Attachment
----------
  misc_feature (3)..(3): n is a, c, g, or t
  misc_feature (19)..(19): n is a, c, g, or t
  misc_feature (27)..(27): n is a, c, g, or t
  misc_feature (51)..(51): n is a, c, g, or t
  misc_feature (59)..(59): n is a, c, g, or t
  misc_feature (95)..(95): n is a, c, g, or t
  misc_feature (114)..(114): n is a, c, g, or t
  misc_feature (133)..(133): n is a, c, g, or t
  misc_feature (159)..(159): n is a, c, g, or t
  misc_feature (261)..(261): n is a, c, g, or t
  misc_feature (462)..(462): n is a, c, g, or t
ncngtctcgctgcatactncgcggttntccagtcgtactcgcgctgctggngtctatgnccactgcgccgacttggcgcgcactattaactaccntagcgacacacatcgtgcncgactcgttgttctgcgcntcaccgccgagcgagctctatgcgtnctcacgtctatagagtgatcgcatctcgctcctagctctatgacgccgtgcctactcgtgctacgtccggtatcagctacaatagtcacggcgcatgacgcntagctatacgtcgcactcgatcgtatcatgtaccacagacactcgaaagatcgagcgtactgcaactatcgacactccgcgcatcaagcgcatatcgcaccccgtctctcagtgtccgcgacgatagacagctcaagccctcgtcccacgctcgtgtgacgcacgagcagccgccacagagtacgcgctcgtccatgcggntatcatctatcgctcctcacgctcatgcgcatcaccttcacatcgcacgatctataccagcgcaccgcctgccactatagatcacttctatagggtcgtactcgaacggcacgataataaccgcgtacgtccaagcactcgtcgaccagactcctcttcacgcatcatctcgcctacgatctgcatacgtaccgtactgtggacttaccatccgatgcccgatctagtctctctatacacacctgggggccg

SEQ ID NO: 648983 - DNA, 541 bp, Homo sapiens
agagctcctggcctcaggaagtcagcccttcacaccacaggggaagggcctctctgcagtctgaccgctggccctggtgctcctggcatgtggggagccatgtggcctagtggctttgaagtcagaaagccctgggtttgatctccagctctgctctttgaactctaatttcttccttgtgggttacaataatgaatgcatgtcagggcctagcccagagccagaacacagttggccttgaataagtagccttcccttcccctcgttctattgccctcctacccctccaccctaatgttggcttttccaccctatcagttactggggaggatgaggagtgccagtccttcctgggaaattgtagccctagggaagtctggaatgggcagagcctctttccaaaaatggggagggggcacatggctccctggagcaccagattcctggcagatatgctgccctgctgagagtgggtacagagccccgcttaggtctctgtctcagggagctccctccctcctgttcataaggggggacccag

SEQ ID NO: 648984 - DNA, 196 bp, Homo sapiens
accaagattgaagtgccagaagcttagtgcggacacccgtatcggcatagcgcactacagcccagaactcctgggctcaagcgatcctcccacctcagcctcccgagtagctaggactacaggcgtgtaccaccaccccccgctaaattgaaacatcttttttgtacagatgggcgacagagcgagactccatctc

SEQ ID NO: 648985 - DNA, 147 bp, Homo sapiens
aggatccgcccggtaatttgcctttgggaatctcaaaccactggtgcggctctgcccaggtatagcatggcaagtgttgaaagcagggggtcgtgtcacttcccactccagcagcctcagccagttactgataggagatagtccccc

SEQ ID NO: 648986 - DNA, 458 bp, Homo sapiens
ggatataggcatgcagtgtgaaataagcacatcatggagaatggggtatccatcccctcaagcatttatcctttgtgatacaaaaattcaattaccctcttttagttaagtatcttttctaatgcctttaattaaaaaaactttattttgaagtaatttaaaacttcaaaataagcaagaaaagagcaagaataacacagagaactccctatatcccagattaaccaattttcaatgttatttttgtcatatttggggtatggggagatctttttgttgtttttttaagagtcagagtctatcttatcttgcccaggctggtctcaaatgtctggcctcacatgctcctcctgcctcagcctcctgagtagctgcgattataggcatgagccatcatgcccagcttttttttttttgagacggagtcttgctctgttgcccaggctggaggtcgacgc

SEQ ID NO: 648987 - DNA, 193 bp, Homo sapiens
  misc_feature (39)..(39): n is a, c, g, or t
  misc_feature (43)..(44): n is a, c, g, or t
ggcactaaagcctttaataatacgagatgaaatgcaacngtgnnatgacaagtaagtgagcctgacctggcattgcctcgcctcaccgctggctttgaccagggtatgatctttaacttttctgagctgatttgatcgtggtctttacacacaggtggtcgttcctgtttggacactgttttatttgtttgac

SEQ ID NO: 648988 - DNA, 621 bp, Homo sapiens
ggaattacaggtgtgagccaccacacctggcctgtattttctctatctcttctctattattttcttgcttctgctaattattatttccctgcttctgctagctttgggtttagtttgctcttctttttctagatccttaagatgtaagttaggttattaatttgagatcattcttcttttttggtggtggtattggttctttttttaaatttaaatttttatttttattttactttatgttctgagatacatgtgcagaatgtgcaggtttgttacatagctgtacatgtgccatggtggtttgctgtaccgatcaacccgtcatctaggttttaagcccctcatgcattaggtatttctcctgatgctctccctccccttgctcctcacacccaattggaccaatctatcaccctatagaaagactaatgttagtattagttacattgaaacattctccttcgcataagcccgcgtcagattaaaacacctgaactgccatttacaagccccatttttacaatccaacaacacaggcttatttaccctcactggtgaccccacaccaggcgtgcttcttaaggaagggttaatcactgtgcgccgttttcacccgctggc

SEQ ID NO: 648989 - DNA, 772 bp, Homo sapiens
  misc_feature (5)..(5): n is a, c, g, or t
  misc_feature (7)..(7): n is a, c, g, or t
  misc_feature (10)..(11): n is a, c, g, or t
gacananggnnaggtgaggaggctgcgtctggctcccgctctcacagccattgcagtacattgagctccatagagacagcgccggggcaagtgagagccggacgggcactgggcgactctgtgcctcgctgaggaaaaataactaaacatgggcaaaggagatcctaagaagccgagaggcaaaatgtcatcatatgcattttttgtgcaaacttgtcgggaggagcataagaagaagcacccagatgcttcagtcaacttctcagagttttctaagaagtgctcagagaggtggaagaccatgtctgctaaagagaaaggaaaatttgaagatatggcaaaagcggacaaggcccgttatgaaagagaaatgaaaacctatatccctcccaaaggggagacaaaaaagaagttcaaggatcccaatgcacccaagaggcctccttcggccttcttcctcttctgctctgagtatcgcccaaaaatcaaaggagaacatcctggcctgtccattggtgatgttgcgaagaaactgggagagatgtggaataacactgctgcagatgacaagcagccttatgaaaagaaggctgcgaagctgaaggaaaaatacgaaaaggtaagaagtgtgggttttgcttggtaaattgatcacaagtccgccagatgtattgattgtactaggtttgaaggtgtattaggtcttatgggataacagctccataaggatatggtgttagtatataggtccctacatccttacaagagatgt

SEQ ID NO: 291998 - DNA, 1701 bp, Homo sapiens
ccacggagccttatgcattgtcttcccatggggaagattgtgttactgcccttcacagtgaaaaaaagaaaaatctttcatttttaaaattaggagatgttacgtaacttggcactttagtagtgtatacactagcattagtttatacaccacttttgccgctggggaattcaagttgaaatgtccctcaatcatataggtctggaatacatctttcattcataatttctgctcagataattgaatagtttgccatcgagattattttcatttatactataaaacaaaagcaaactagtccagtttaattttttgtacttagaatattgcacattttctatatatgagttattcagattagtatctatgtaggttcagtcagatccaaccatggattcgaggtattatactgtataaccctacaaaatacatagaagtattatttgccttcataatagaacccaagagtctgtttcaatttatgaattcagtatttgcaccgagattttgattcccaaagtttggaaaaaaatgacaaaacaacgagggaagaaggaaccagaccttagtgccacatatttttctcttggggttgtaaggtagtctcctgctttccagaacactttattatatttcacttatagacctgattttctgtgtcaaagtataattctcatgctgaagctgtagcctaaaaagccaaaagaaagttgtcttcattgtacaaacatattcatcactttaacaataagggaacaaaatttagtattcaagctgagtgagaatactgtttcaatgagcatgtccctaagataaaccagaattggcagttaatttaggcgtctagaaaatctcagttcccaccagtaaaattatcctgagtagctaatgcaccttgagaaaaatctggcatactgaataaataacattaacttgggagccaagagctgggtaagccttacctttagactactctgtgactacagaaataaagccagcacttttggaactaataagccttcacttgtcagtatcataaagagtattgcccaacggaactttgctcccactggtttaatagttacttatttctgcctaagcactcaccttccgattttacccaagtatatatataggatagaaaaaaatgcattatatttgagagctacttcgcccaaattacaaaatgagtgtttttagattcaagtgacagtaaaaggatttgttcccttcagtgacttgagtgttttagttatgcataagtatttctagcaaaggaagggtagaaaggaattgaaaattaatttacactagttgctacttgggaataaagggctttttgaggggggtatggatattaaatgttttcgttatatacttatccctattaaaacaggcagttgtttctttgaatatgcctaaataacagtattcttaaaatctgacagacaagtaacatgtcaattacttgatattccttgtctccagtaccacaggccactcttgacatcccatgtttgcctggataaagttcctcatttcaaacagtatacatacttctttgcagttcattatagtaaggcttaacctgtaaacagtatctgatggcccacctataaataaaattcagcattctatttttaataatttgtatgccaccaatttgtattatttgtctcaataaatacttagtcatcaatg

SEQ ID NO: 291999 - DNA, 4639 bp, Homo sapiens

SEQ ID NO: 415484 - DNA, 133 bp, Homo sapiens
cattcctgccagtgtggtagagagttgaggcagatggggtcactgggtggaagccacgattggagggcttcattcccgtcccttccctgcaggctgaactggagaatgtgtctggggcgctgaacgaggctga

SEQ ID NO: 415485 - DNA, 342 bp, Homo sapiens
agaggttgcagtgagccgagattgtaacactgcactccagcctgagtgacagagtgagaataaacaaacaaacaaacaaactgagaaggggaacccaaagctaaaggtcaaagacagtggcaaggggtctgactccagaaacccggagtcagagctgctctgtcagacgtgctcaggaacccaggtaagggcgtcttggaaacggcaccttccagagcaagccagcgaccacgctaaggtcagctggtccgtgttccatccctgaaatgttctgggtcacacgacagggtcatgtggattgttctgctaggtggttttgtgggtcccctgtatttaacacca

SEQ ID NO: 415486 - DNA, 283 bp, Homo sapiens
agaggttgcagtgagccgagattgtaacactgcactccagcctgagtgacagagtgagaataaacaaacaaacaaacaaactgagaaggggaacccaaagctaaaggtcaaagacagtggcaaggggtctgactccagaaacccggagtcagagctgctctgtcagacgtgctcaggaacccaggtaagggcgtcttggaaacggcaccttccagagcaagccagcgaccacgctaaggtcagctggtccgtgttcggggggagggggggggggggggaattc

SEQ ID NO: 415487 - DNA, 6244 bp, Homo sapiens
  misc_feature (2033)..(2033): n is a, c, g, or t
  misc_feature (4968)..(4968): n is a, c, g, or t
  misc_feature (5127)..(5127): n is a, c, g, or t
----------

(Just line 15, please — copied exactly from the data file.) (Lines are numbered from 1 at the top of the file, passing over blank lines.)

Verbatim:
SEQ ID NO: 648984 - DNA, 196 bp, Homo sapiens